I've reread what I have so far and I've been thinking about where I want to go with this. I've always felt that blogs about people's personal struggles were so damn boring. I started this blog mainly to comment on the performances (indeed, the non-Facebook visitors to this blog have almost all been seekers of such things as "nathan gunn", "american tragedy" or "renee fleming") and events (readings, lectures, symposia) that I attend. But I'll also share tidbits about my experience as a literature graduate student at Harvard. It's colorful enough to merit blogspace.

Sunday, December 04, 2005

When the conductor steals the show

I attended my first opera at the Met in late April or early May of 2001. I was in the second row of the orchestra--not bad for my first time, huh?--and Catherine Malfitano sang her legendary Emilia Marty on the closing night of the season. Though I had been attending classical performances since 1994, this was my first in a great house.

One thing I noticed was the visibility of the conductor, who stands on a rather high platform. (As a matter of fact, the orchestra is very visible at the Met. More on this another time.) The conductor at my first Met evening was none other than Sir Charles Mackerras, a man so closely associated with the operas of Leoš Janáček that I couldn't help but count his presence among the highlights of my Met initiation.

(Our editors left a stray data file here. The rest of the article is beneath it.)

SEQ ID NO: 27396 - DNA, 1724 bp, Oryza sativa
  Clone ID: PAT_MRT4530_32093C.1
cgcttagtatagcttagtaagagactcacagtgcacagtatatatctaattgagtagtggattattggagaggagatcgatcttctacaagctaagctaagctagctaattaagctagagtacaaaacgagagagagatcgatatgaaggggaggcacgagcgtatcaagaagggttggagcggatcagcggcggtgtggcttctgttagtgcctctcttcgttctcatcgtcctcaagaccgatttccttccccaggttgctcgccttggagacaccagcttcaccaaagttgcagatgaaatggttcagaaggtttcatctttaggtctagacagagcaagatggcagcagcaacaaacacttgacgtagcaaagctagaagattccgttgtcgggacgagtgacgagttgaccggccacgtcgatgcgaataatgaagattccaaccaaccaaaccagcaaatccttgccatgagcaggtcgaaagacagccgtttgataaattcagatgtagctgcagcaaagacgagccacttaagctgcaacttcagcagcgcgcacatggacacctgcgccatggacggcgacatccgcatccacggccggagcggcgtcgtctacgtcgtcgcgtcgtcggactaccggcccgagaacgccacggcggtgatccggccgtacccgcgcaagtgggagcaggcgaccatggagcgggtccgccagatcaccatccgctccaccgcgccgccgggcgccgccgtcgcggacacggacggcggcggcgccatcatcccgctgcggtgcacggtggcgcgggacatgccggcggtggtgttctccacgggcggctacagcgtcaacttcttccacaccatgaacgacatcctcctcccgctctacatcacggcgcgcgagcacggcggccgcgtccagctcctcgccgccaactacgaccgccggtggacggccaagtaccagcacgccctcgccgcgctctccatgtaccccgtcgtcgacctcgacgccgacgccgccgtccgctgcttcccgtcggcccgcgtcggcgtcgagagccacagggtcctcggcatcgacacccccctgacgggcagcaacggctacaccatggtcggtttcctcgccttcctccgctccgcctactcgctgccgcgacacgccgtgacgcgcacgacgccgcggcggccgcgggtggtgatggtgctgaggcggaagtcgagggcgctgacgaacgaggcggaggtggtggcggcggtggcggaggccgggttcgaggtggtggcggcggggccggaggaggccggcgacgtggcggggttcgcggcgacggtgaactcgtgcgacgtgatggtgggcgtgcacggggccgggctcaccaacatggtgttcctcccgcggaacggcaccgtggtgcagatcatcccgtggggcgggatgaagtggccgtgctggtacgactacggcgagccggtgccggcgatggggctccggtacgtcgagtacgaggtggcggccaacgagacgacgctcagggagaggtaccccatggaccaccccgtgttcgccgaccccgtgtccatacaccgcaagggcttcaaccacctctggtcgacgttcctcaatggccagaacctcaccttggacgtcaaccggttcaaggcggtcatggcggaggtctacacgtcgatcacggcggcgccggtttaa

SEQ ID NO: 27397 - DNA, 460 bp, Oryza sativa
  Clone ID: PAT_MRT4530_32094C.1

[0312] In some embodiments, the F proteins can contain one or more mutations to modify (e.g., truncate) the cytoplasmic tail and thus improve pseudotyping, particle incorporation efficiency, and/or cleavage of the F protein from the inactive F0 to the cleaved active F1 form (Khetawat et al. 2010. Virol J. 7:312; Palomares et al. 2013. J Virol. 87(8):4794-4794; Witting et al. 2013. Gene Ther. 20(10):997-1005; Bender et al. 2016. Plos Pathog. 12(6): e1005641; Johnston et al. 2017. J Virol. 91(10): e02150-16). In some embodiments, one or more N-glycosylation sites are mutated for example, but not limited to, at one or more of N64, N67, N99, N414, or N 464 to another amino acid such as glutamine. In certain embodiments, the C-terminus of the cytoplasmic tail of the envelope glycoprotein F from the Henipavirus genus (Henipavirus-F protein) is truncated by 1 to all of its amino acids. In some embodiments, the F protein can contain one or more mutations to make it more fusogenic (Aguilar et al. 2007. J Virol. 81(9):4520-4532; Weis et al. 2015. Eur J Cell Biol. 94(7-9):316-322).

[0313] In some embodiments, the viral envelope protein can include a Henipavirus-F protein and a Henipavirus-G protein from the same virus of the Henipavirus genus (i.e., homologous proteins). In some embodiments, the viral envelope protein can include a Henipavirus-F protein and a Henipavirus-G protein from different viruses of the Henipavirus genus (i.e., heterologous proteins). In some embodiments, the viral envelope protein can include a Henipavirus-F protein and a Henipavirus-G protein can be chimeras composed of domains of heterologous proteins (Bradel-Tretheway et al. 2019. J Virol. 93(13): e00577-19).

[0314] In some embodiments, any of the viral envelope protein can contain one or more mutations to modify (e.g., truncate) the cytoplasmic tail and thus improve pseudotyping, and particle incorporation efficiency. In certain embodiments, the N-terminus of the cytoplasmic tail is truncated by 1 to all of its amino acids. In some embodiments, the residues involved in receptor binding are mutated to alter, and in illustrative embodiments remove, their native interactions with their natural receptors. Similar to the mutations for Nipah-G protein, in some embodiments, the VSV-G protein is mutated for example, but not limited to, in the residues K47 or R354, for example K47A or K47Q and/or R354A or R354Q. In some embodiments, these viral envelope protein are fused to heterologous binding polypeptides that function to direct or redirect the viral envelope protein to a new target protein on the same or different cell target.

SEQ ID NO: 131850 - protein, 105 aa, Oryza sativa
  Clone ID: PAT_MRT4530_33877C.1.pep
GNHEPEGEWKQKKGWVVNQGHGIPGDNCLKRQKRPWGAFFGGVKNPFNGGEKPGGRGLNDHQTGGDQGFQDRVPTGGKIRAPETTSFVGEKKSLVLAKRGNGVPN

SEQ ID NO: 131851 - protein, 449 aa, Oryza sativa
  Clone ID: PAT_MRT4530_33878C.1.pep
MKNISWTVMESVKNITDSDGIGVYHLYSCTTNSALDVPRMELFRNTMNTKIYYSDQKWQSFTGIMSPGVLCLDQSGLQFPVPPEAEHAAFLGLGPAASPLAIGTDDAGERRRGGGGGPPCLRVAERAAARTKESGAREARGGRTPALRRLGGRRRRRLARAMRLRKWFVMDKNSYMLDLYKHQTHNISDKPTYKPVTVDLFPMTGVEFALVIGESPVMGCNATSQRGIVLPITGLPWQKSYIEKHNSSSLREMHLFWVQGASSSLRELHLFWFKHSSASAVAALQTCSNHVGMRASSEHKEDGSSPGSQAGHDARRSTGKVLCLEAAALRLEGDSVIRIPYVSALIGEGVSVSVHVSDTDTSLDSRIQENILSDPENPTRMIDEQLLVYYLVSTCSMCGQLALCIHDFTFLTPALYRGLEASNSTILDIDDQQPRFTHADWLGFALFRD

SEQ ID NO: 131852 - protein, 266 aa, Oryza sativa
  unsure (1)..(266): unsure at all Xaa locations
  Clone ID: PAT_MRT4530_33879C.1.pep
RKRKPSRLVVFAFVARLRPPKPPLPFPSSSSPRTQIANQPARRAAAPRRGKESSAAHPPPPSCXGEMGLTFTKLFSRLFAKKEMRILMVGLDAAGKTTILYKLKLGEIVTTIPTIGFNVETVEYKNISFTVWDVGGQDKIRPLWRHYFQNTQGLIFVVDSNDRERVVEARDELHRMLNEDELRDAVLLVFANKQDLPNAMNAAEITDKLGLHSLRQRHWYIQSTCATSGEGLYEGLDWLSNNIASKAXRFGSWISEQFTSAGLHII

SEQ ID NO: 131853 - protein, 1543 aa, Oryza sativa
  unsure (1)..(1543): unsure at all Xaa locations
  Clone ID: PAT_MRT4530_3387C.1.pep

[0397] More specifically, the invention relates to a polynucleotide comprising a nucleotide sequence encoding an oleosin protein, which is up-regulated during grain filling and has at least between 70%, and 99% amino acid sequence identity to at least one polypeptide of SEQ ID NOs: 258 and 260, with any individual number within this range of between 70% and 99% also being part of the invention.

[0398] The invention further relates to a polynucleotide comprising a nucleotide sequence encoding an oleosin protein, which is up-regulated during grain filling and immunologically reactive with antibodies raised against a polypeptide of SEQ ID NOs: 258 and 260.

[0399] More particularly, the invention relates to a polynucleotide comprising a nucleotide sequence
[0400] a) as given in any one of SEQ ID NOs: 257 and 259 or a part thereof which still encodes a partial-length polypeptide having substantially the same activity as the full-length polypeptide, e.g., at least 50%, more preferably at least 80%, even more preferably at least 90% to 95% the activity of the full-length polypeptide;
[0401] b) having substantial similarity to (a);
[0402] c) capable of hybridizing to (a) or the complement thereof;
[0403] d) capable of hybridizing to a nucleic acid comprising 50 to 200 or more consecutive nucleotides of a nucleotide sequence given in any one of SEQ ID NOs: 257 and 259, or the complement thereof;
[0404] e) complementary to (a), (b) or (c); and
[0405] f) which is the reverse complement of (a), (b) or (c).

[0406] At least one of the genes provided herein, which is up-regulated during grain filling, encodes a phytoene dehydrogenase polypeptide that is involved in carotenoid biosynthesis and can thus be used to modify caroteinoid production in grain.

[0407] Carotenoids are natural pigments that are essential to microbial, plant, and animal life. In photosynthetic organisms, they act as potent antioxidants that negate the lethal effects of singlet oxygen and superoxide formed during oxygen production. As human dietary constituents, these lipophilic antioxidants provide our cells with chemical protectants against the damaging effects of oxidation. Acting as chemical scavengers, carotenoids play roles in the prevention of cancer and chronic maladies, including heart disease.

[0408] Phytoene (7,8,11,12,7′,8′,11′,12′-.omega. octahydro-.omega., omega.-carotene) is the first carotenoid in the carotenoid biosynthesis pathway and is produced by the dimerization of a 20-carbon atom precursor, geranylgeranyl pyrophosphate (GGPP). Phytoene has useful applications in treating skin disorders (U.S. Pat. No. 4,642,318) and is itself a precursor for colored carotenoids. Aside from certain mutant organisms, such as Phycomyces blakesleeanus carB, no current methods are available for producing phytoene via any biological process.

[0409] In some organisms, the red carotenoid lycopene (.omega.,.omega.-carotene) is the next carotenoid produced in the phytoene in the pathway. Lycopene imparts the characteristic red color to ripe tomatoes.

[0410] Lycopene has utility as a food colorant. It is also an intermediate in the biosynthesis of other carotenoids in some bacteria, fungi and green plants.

However, at this performance, and at all but two of the 23 other Met operas I have attended since, I don't believe I ever paid the slightest attention to the conductor. The first exception was that evening last September when, once again, I sat in the second row of the orchestra, this time in the very center and therefore directly behind Jesus Lopez-Cobos, who frequently blocked my view of Renee Fleming in Manon.

The second exception occurred on Saturday afternoon at the matinee of Carmen. I'm talking about Philippe Jordan. When he walked out, I was struck by his youthful looks. It turns out he was born in 1974. He made his Met debut in 2002. But I didn't know any of this during the performance. I only knew that I was so sucked in by his energy and charm that I spent half of the performance with my eyes on him, even at the height of the over-the-top spectacle of this production.

A ball of enery, he seemed to breathe this work, throwing wicked smiles here and there, sometimes bending down so low that he disappeared, and, most strikingly to me, mouthing during every chorus bit! Without fail. And even during some of the arias, he "sang" along, especially at cadenzas, holding his mouth wide open, as if he were the one singing. He commanded what sounded to my ears like a taut performance from that glorious orchestra. From my sixth-row orchestra seat, fortuitously located to the side, it was hard to focus on Marcello Giordani (not in his best voice that afternoon, with a good deal of difficulty in transitioning between registers) and what's-her-name who sang Carmen (gorgeous sound--evenness in all registers; warm, rich tone--but, physically, poorly cast).

At least there was Escamillo. Escamillo is supposed to embody masculinity, virility, all that. Like the Met production, he has to be played over-the-top. And Erwin Schrott certainly did that, even miming the muttering of sweet nothings and making extensive eye contact with Carmen and the other ladies. Oh, and Ana Maria Martinez, in her debut role in the Met, was a stunning Micaela. She has a gorgeous, elegant sound. It's not a metallic sound; it's more like a good light cream. I'm sure she'll be a big hit at her London Traviatas.